Organic Nutrition and Skin Care

Ageless Skin With Mango And Kiwi Fruit

Mango

Mango has always been that gorgeous fruit I spot strolling past the produce stands in summer months. Imagine that first succulent bite with the juices flowing in rivulets down your chin. It is tropical satisfaction at its ripest. Known as the “king of fruits,” you get the multitude of benefits when you include this ambrosia as a regular part of your diet. Of course keep in mind, it’s always best to choose organic foods that in are in season for optimal healthy results for your body and skin. I don’t know who gave it the “king” title, but I can personally say it’s well-deserved.

This regal fruit has origins in the foothills of the Himalayas dating back to 4000 B.C. Today there are 1000 varieties worldwide, some of which can be found throughout tropics of Central and South America, African and Arabian countries. There are several varieties in Nicaragua alone, where one type is endearingly named for that lovely female reproductive organ. Speaking of organs, mango has enzymes that assist in the digestion of protein—in India a concoction made from the skin minimizes stomach inflammation due to indigestion. From the flesh to the peel there are amazing health benefits in this single fruit.

When it comes to health of your skin, you can rely on the antioxidant properties in mango to prevent damage from free radicals floating in the pollutant haze of daily city life. Yes, daily servings of this fruit will reduce the premature aging effects on your skin from exposure to the usual suspects: environmental chemicals, pesticides, herbicides, food additives and preservatives. If you ever get your hands on a jar of mango cocoa butter it is the supreme moisturizer for skin that diminishes redness due to inflammation, dryness, blemishes and scarring like nothing you’ve experienced in full body skincare. You can make your own at home using melted organic cocoa butter and adding essence of mango oil. Let it cool to solid form—it’s truly amazing stuff. And if you’re looking for a way to naturally unclog your pores you can use the pulp of an organic mango as a 15-minute mask that will do the trick. Considering that a cup of sliced mango has 11% of vitamin B6, 12% of fiber, and 80% of the daily requirements, it’s no small wonder why mango is the “king” that is recommended for managing weight loss and overall good health.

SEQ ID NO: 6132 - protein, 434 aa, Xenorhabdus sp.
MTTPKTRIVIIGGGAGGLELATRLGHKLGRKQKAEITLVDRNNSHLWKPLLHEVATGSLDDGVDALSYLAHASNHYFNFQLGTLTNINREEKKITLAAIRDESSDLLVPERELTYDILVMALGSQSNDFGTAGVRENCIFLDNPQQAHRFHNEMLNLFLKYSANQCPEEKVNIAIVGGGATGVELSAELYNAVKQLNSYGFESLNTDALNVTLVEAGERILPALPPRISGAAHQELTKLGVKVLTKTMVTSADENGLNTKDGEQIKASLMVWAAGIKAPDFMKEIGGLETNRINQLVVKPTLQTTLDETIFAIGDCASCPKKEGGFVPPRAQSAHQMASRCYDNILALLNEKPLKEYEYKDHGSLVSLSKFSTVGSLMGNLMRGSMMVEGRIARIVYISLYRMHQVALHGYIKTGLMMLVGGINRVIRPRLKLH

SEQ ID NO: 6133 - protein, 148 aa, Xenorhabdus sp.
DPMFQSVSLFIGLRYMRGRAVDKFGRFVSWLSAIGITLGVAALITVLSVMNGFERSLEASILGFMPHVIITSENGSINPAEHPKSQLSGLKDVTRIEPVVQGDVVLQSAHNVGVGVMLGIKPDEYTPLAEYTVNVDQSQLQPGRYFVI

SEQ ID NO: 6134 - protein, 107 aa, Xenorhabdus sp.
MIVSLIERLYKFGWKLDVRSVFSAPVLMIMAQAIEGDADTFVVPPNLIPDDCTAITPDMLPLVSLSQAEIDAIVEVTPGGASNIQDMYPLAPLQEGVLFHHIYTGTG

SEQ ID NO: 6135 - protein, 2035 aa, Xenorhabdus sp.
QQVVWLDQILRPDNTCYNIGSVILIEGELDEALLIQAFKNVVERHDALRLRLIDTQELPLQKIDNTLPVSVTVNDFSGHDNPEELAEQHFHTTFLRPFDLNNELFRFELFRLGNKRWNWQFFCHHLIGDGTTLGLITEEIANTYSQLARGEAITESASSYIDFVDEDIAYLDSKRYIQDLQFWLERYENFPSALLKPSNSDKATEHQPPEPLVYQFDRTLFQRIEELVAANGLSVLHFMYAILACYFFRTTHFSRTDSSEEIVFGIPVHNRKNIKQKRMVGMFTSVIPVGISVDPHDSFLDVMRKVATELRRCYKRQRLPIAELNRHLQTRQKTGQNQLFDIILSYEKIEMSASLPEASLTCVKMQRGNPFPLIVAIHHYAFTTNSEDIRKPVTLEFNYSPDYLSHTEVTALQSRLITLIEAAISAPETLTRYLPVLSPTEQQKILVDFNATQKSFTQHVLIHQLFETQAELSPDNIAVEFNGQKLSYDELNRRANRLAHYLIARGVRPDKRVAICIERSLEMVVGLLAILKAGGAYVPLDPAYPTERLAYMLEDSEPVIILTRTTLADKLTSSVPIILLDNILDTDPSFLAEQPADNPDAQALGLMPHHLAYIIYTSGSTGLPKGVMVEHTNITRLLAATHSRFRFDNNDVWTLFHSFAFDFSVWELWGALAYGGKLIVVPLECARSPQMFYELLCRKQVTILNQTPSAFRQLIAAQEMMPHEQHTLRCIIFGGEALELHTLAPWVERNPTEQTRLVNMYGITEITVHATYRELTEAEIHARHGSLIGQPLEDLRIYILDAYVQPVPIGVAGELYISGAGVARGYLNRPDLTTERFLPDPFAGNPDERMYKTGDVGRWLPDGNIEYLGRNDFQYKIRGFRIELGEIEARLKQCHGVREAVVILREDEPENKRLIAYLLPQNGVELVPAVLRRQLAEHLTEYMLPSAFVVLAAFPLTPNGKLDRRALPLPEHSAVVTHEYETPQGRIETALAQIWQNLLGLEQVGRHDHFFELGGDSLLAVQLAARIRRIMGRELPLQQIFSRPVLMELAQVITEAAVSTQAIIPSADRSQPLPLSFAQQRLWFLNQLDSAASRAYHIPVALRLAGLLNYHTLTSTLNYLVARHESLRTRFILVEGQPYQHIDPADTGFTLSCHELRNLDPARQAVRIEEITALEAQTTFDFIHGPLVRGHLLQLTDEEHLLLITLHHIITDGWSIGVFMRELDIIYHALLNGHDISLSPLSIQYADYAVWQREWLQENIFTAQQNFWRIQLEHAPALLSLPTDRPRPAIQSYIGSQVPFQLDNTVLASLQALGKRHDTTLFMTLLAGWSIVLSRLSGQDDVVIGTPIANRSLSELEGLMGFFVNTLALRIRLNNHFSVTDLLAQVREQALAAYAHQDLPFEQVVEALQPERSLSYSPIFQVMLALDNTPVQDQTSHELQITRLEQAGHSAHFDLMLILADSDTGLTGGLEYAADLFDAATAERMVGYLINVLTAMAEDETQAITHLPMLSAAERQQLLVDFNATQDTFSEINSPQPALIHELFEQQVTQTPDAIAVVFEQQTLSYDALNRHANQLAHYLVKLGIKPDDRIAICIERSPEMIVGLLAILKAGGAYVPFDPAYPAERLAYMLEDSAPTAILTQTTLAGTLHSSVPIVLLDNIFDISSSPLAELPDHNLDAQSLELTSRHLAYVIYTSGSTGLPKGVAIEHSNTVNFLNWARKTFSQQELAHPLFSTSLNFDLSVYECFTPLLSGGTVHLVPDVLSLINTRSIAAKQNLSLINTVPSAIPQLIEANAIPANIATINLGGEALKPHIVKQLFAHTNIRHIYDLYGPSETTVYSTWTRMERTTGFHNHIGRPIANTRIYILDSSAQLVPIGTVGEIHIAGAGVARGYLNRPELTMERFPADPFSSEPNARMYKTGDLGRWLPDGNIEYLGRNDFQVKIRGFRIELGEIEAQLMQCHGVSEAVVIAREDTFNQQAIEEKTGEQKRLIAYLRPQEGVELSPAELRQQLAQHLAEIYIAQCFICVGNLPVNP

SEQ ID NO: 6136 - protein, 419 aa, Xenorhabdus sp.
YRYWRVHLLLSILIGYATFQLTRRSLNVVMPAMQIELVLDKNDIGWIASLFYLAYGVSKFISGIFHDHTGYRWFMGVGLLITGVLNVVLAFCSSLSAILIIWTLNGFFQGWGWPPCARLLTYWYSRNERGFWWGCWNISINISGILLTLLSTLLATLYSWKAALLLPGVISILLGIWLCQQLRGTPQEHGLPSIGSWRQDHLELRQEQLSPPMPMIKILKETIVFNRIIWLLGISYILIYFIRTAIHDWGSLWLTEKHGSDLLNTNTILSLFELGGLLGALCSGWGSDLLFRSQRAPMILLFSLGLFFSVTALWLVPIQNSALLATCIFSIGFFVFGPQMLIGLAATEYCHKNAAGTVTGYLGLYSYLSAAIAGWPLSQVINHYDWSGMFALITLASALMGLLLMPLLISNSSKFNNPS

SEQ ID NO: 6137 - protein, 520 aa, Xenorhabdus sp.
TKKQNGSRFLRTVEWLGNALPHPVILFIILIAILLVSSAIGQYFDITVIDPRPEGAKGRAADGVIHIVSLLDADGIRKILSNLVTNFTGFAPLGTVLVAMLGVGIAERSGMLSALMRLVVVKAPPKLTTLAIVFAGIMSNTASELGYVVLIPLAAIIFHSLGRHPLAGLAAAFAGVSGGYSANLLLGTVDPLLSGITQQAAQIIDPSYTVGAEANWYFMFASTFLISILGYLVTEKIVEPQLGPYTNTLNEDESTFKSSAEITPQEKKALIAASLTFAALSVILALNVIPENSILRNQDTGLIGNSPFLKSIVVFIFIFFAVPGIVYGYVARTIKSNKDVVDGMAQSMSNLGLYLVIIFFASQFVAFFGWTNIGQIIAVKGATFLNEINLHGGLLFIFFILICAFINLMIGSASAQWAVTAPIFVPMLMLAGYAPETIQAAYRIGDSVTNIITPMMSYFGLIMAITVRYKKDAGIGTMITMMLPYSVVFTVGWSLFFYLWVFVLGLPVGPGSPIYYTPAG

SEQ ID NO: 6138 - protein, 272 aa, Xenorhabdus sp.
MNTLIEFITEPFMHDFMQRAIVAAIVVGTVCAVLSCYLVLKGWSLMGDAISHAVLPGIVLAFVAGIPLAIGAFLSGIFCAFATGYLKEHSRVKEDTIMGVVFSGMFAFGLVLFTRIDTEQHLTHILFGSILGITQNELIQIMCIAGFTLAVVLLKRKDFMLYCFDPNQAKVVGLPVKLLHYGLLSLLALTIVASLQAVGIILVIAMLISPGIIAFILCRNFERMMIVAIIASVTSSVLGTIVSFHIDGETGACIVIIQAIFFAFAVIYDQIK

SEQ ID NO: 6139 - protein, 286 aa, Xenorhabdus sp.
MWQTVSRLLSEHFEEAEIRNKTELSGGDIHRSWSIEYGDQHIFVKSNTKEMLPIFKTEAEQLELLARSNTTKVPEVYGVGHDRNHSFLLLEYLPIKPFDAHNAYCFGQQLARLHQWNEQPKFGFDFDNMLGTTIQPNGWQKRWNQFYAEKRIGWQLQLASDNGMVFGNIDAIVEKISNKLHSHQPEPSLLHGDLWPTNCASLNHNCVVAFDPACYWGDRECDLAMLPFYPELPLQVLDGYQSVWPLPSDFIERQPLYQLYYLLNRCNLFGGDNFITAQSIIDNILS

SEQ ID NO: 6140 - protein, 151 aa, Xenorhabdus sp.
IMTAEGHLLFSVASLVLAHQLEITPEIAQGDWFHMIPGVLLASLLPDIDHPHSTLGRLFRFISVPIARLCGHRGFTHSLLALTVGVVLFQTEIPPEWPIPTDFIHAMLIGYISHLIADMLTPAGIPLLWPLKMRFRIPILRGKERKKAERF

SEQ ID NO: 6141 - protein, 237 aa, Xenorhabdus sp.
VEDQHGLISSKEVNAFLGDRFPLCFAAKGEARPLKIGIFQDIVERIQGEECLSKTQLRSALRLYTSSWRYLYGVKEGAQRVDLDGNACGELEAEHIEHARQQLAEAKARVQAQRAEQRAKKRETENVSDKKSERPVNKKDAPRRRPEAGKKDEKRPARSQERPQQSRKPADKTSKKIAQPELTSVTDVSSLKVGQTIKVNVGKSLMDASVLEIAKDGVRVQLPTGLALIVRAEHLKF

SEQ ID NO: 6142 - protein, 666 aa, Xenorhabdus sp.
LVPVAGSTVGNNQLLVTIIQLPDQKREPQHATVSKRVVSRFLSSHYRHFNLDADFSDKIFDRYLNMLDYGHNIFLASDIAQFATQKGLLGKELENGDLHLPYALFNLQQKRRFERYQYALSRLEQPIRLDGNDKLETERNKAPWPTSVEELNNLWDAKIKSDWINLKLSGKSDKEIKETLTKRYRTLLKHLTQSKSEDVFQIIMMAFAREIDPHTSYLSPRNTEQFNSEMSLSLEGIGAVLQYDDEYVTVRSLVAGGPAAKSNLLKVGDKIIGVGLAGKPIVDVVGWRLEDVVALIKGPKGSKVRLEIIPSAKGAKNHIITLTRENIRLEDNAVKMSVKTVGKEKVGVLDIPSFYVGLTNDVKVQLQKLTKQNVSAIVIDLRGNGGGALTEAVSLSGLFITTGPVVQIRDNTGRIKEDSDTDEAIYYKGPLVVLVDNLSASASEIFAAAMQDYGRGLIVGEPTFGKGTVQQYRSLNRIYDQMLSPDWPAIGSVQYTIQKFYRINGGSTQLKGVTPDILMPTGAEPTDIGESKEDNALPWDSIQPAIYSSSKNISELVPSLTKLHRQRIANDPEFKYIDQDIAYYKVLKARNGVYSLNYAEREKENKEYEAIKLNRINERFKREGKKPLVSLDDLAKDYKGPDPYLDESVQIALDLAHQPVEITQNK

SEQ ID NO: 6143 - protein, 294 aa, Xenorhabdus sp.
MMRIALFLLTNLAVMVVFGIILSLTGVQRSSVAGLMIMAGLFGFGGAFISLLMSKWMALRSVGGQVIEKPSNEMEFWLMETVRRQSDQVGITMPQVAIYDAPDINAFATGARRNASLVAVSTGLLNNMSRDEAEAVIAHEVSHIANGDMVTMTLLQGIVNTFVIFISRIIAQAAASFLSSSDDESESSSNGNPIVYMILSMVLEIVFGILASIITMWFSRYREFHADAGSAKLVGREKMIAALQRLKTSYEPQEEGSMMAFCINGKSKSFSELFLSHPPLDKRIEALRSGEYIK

Kiwi

This little fuzzy brown fruit was originally found along the Yangtze River valley. It has the most complex blend of water soluble vitamin C and E of any other fruit contributing to the healthy elasticity and collagen production for youthful looking skin. The University of Maryland Medical Center has conducted research proving the ability of vitamin E to significantly decrease the wrinkles and fine lines that make the face look aged. It can naturally soften lines and smooth over those areas of the skin for even tone. The vitamin C is what helps your body continue to build collagen as you age to avoid the signs of aging prematurely. Kiwi also has lycopene as one of it core properties, a rich antioxidant that, like mango, can also shield your skin from the onslaught of free radicals. When stepping out into the summer sun you also have reliable protection from UV solar damage available in regular servings of this tasty fruit that will boost your sunscreen’s function.

One thing to keep in mind if you’re prone to allergies: actinidin, an enzyme that dissolves protein, is generally responsible for allergic reactions to kiwi. The bright side is that you can eat the skin which is an abundant source of fiber. According to the Environmental Workers Group in 2003, kiwi was declared one of 12 fruits that is the least contaminated by herbicides and pesticides, so you can get away with not buying this one organic. This is something to bear in mind when buying skincare products with the fruit as an active ingredient. Some of the most effective skin care boasts contents with the little fury fruit as the major one.

Antropia Luna has a Bachelors of Fine Arts from Pratt Institute and a Masters degree in cultural anthropology from New Mexico State University–now writing health and wellness articles for Joanna Vargas Skincare Sanctuary in NYC and trekking the national museum scene freelance.